Commit a7c7add9 authored by Matthieu Boileau's avatar Matthieu Boileau
Browse files

nstepmax = 10000

parent 6ebdd905
......@@ -156,7 +156,7 @@
"metadata": {},
"outputs": [],
"source": [
"srw.BackToStart(nwalk=10000, nstepmax=5000).plot()"
"srw.BackToStart(nwalk=10000, nstepmax=10000).plot()"
]
},
{
......
%% Cell type:markdown id: tags:
# A set of problems illustrations for Probability Master Class
%% Cell type:markdown id: tags:
First, some python initializations.
%% Cell type:code id: tags:
``` python
%matplotlib inline
from matplotlib import rcParams
from matplotlib import pyplot as plt
from ipywidgets import interact
import ipywidgets as widgets
rcParams['figure.figsize'] = (8., 6.) # Enlarge figure
rcParams['animation.html'] = 'html5' # to render animation in notebook
```
%% Cell type:markdown id: tags:
## A simple 2D random walk
%% Cell type:markdown id: tags:
Create and play a matplotlib animation for a $nstep$-step random walk starting at $(x, y) = (0, 0)$.
%% Cell type:code id: tags:
``` python
import srw
walk = srw.Walk2D(nstep=100)
anim = walk.generate_animation()
plt.close(anim._fig) # Close the initial figure to display only the animation figure
anim # Now play
```
%% Cell type:markdown id: tags:
Plot entire path for various $nstep$ values.
%% Cell type:code id: tags:
``` python
interact(srw.plot_walk, nstep=widgets.IntSlider(min=50, max=1000, step=50, value=50));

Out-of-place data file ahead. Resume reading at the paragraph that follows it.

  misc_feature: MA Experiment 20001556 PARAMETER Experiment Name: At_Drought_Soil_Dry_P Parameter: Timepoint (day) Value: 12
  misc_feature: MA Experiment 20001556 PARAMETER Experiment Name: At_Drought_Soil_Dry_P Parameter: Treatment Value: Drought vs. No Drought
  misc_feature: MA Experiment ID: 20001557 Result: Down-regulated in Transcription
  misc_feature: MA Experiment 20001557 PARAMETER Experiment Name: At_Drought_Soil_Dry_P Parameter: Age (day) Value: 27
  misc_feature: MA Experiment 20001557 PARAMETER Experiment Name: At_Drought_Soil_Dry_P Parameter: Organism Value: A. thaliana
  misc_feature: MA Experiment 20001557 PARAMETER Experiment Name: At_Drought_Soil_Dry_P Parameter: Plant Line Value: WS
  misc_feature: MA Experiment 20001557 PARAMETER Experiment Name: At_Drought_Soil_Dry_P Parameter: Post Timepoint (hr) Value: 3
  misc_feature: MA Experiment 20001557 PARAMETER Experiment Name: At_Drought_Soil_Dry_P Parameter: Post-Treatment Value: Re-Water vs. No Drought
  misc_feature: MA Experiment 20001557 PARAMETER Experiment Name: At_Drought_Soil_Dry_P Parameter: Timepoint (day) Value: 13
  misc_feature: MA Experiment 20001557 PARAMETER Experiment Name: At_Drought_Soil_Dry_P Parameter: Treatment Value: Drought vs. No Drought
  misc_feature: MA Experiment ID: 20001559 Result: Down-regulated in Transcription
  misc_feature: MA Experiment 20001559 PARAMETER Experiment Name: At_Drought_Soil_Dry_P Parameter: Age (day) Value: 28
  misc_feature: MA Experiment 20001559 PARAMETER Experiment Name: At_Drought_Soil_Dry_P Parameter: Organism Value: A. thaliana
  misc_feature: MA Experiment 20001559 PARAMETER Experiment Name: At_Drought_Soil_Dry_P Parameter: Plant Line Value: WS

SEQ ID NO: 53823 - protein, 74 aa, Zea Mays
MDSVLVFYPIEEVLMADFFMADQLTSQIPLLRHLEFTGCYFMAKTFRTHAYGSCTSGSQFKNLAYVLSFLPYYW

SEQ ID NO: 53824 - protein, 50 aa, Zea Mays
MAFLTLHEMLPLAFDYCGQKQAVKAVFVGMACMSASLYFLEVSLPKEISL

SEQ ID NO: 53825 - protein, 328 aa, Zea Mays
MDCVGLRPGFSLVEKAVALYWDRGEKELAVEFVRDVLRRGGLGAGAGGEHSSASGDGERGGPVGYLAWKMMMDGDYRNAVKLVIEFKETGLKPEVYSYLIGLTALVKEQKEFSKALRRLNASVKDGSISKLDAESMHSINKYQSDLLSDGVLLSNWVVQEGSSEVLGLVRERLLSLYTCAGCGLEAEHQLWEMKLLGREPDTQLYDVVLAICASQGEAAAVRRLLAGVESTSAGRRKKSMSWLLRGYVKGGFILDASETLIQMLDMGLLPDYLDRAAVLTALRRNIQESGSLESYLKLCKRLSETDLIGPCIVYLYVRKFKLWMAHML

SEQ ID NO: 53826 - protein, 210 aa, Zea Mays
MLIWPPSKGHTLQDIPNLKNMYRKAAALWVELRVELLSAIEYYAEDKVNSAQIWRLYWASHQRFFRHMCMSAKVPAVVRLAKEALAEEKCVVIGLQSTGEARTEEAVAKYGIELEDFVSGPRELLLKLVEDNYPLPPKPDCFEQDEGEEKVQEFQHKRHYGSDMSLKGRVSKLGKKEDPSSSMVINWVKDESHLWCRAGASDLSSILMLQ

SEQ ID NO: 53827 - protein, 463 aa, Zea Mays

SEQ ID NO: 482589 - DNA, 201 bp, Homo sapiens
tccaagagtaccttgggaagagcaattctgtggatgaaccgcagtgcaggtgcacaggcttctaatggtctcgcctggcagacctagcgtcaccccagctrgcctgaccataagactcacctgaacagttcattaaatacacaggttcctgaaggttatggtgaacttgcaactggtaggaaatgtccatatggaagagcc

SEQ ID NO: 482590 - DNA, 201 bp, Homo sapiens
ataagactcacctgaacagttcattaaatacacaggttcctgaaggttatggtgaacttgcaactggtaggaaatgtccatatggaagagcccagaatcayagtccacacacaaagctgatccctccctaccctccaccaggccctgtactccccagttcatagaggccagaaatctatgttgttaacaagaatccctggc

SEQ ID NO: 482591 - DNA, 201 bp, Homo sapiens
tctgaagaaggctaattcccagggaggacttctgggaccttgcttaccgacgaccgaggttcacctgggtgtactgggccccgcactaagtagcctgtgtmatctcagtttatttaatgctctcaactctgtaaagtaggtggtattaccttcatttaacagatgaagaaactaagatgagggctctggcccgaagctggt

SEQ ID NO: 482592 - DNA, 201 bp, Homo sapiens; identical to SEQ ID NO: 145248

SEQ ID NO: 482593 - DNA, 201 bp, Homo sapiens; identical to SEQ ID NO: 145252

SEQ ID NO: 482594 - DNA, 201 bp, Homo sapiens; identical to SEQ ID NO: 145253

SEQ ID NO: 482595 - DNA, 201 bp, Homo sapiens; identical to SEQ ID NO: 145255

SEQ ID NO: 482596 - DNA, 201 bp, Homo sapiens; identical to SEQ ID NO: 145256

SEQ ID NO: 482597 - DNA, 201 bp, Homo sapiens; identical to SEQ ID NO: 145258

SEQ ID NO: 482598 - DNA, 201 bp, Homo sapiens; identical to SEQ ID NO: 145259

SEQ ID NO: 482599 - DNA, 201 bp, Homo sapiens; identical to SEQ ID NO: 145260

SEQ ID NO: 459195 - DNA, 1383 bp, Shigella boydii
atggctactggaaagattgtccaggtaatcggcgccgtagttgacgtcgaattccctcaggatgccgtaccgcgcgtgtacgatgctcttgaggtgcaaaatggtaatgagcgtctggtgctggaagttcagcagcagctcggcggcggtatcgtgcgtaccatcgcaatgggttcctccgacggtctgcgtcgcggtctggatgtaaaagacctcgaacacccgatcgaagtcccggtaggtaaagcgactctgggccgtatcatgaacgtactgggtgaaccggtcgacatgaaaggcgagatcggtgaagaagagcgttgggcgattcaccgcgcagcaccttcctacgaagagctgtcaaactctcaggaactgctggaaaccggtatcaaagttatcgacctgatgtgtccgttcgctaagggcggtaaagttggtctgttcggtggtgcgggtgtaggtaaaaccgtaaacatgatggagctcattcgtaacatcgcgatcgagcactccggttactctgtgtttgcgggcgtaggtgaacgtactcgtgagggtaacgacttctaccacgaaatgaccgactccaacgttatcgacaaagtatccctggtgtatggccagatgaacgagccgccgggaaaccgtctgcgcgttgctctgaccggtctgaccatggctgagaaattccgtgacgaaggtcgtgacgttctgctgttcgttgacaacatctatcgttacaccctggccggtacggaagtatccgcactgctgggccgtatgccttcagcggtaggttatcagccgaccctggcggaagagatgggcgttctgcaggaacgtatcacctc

```
%% Cell type:markdown id: tags:
### Some quantities as a function of the number of steps
Compute average **final distance** over 1000 random walks.
%% Cell type:code id: tags:
``` python
srw.FinalDistance(nwalk=1000).plot()
```
%% Cell type:markdown id: tags:
Compute average **maximum distance** over 1000 random walks.
%% Cell type:code id: tags:
``` python
srw.MaxDistance(nwalk=1000).plot()
```
%% Cell type:markdown id: tags:
Compute the **number of times** the walk goes back to starting point (average over 1000 random walks).
%% Cell type:code id: tags:
``` python
srw.BackToStart(nwalk=10000, nstepmax=5000).plot()
srw.BackToStart(nwalk=10000, nstepmax=10000).plot()
```
%% Cell type:markdown id: tags:
## Course of Marielle Simon, simple random walk
%% Cell type:code id: tags:
``` python
from IPython.display import display, Math
import numpy as np
import numpy.linalg as LA
import matplotlib.pyplot as plt
import seaborn as sns
from sklearn.utils import check_random_state
from scipy.special import binom
import scipy.linalg as la
import multiprocessing as mp
mp.set_start_method('spawn', True) # see https://github.com/microsoft/ptvsd/issues/1443
from numba import jit
```
%% Cell type:markdown id: tags:
## Random walk on $\mathbb{Z}$
Consider the random walk on $\mathbb{Z}$ with $0 < p < 1$, denoted by $(S_n)$. The chain is supposed to start from state 0.
%% Cell type:markdown id: tags:
1\. Implement a function `random_walk_z` simulating the behaviour of the random walk for $n_{\max}$ steps. #
2\. Modify the function `random_walk_z` such that it further returns: #
- both the number of times the chain is returned to the initial state;
- the largest state reached by the chain.
%% Cell type:code id: tags:
``` python
@jit(nopython=True)
def find_first(item, vec):
"""
find_first: find the index of the first element in the array `vec` equal to the element `item`.
:param item: elemtns against which the entries of `vec` are compared
:type item: int or double
:param vec: [description]
:type vec: array-like
:return: index of the first element in `vec` equal to `item`
:rtype: int
"""
for i in range(len(vec)):
if item == vec[i]:
return i
return -1
def random_walk_z(p, X0, n_max, random_state):
""" Simulate a simple 1D random walk in Z.
Input:
------
:param p:
Transition probability (:math:`0 < p <1`)
:type p:
float
:param X0:
Initial state opf the chain.
:type X0:
int
:param n_max:
Maximal number of time steps.
:type n_max:
int
Output:
-------
:param random_state:
Random generator or seed to initialize it.
:type random_state: